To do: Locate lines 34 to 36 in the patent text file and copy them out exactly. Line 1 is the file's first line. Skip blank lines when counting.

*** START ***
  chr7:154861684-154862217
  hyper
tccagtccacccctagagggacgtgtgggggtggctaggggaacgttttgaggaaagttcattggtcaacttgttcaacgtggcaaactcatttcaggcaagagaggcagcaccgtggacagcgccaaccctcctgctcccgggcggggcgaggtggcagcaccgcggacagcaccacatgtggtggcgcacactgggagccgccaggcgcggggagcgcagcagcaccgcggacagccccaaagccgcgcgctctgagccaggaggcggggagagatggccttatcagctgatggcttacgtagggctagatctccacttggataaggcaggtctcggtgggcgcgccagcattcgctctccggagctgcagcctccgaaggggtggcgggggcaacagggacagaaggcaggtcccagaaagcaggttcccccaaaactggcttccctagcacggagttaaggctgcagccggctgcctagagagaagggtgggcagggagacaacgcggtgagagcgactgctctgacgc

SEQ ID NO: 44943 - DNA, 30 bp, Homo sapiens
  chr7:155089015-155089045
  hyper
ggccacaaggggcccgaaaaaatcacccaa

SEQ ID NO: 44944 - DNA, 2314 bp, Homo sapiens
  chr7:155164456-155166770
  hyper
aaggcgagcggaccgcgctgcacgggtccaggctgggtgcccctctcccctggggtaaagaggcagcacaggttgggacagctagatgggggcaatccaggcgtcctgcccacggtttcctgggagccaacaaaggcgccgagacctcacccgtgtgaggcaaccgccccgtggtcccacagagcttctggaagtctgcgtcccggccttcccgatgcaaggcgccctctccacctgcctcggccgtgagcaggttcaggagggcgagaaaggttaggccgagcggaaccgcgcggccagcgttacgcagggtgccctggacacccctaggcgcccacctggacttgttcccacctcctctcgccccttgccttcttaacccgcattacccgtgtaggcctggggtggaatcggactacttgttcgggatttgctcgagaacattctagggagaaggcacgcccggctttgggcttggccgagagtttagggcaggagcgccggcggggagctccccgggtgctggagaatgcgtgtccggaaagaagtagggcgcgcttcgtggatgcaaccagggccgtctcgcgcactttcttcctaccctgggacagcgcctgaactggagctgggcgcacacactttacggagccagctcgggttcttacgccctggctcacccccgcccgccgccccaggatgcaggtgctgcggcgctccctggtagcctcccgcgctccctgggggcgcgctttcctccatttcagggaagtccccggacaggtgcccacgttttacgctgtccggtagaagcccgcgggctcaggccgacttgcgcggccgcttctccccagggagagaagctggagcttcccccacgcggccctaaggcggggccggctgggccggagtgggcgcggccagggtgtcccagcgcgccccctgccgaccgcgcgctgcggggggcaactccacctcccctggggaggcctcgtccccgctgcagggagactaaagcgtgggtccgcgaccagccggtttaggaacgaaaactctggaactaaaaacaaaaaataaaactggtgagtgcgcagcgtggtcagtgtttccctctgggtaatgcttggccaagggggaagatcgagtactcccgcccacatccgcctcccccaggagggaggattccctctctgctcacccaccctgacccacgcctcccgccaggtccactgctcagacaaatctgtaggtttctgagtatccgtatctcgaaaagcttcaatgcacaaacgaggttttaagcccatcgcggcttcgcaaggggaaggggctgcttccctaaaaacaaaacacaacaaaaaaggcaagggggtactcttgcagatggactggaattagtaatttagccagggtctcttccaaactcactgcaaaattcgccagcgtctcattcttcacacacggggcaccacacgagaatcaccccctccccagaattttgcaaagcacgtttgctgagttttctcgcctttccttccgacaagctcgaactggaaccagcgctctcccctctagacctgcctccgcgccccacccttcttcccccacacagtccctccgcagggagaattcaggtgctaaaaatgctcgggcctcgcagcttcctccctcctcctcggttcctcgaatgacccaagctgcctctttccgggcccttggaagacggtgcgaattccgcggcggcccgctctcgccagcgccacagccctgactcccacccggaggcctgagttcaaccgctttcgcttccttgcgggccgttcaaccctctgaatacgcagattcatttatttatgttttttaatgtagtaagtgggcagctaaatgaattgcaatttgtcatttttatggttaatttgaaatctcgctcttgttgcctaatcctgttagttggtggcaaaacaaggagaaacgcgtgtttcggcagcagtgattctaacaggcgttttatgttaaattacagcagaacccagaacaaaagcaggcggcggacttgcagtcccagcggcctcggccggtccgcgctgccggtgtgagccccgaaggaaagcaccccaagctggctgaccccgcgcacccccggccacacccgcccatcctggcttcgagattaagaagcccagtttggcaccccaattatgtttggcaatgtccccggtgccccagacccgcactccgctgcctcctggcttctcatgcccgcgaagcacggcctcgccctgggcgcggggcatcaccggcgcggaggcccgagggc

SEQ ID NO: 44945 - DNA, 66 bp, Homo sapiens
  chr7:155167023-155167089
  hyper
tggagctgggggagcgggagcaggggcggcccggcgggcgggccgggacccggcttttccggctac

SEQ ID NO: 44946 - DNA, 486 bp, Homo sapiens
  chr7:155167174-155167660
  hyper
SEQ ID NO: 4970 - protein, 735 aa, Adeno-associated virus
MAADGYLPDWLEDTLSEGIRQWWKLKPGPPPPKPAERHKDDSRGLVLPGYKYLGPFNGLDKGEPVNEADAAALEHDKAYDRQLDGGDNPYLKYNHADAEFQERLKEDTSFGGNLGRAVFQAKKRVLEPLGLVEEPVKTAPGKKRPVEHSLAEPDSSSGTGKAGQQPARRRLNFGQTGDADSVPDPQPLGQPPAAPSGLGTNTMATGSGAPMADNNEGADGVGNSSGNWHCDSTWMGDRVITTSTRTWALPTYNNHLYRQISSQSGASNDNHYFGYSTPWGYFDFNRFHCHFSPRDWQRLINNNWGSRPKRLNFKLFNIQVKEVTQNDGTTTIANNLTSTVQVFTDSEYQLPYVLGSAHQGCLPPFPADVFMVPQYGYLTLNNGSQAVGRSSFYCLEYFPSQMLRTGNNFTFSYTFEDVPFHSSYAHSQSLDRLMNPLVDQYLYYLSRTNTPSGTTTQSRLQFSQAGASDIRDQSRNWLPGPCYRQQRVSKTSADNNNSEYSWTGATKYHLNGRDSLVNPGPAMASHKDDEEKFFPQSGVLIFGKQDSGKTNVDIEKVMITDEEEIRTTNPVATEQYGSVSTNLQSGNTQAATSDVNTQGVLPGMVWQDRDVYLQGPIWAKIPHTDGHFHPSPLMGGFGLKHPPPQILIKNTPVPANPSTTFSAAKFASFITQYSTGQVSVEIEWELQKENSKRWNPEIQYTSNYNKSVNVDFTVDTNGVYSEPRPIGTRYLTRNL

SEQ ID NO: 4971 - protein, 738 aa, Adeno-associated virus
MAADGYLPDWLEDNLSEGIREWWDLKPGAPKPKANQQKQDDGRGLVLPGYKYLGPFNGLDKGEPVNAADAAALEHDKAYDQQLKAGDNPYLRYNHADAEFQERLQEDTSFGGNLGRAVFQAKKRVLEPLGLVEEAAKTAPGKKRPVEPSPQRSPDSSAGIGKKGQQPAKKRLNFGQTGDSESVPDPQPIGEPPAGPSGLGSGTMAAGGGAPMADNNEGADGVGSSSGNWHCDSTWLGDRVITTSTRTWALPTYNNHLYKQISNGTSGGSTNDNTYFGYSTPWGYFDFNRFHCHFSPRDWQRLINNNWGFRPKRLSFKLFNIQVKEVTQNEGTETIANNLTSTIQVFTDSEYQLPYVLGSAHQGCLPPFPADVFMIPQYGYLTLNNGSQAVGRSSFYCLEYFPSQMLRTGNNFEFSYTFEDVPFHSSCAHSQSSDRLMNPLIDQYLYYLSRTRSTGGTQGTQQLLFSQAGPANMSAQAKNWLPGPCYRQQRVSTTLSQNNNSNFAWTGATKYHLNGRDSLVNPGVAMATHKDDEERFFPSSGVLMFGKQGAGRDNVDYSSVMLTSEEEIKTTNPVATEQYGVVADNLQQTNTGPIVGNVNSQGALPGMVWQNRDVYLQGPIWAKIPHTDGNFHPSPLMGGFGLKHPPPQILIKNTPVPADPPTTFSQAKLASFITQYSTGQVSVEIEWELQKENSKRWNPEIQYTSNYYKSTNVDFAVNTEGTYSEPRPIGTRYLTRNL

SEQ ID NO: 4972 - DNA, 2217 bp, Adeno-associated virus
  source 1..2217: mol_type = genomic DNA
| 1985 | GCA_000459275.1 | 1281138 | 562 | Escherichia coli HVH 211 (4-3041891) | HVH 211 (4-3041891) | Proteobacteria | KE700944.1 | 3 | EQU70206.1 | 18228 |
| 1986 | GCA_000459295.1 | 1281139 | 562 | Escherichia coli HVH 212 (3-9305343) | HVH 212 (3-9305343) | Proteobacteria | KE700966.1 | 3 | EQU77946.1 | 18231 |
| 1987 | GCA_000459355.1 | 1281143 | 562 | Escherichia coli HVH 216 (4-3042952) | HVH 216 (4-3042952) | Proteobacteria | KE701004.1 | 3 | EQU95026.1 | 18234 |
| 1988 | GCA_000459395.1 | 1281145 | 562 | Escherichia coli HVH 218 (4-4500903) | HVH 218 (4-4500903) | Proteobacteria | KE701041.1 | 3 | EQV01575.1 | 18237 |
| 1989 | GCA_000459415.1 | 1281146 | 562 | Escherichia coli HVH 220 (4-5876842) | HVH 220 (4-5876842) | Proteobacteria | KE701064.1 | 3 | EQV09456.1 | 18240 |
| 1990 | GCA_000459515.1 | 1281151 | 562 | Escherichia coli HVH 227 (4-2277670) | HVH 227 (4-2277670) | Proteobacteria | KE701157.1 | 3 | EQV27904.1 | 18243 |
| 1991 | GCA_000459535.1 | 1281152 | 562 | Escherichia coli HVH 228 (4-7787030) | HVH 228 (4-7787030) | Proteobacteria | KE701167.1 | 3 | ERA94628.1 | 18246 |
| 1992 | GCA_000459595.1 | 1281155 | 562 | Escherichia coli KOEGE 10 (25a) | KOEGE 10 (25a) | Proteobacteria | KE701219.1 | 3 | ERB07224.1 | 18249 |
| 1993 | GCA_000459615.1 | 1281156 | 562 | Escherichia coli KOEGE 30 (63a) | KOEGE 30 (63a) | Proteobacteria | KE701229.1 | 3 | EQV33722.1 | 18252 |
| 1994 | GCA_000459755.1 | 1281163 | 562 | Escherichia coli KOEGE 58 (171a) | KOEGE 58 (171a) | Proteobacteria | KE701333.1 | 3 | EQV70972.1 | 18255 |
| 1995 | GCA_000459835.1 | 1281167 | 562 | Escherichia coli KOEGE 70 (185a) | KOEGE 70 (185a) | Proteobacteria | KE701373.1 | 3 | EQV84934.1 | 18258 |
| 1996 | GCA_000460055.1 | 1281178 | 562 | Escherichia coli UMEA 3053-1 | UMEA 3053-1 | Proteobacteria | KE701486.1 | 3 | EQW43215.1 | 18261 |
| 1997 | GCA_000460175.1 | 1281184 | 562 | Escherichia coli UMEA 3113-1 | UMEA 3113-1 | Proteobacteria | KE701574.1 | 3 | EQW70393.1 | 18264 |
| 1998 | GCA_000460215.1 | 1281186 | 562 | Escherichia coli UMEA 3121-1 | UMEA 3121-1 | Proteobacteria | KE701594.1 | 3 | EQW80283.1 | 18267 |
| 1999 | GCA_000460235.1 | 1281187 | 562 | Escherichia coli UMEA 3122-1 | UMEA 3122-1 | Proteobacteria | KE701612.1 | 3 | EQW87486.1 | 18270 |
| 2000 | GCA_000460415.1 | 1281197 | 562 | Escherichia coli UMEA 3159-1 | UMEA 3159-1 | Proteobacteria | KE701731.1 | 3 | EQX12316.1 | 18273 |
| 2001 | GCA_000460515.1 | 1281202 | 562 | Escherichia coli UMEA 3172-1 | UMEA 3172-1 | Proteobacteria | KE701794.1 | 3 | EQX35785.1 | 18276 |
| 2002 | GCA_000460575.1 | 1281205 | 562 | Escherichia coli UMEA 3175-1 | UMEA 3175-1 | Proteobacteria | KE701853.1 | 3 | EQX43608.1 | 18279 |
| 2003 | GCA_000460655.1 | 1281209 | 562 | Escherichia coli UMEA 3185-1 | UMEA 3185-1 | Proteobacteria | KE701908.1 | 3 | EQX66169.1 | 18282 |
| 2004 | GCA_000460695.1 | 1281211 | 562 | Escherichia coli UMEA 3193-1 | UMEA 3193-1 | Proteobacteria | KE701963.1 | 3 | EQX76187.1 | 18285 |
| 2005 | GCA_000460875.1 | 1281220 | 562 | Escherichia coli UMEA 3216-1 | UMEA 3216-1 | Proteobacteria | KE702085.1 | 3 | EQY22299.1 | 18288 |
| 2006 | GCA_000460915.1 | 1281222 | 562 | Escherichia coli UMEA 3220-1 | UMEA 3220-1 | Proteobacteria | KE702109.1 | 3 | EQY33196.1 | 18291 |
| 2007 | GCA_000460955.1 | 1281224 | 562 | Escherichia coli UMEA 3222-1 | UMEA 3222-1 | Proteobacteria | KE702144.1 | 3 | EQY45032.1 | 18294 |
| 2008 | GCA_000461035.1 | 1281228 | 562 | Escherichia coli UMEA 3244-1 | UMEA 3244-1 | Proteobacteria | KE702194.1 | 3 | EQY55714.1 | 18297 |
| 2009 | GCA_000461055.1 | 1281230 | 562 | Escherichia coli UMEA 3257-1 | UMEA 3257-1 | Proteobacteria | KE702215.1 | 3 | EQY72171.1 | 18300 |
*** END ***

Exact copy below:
| 1994 | GCA_000459755.1 | 1281163 | 562 | Escherichia coli KOEGE 58 (171a) | KOEGE 58 (171a) | Proteobacteria | KE701333.1 | 3 | EQV70972.1 | 18255 |
| 1995 | GCA_000459835.1 | 1281167 | 562 | Escherichia coli KOEGE 70 (185a) | KOEGE 70 (185a) | Proteobacteria | KE701373.1 | 3 | EQV84934.1 | 18258 |
| 1996 | GCA_000460055.1 | 1281178 | 562 | Escherichia coli UMEA 3053-1 | UMEA 3053-1 | Proteobacteria | KE701486.1 | 3 | EQW43215.1 | 18261 |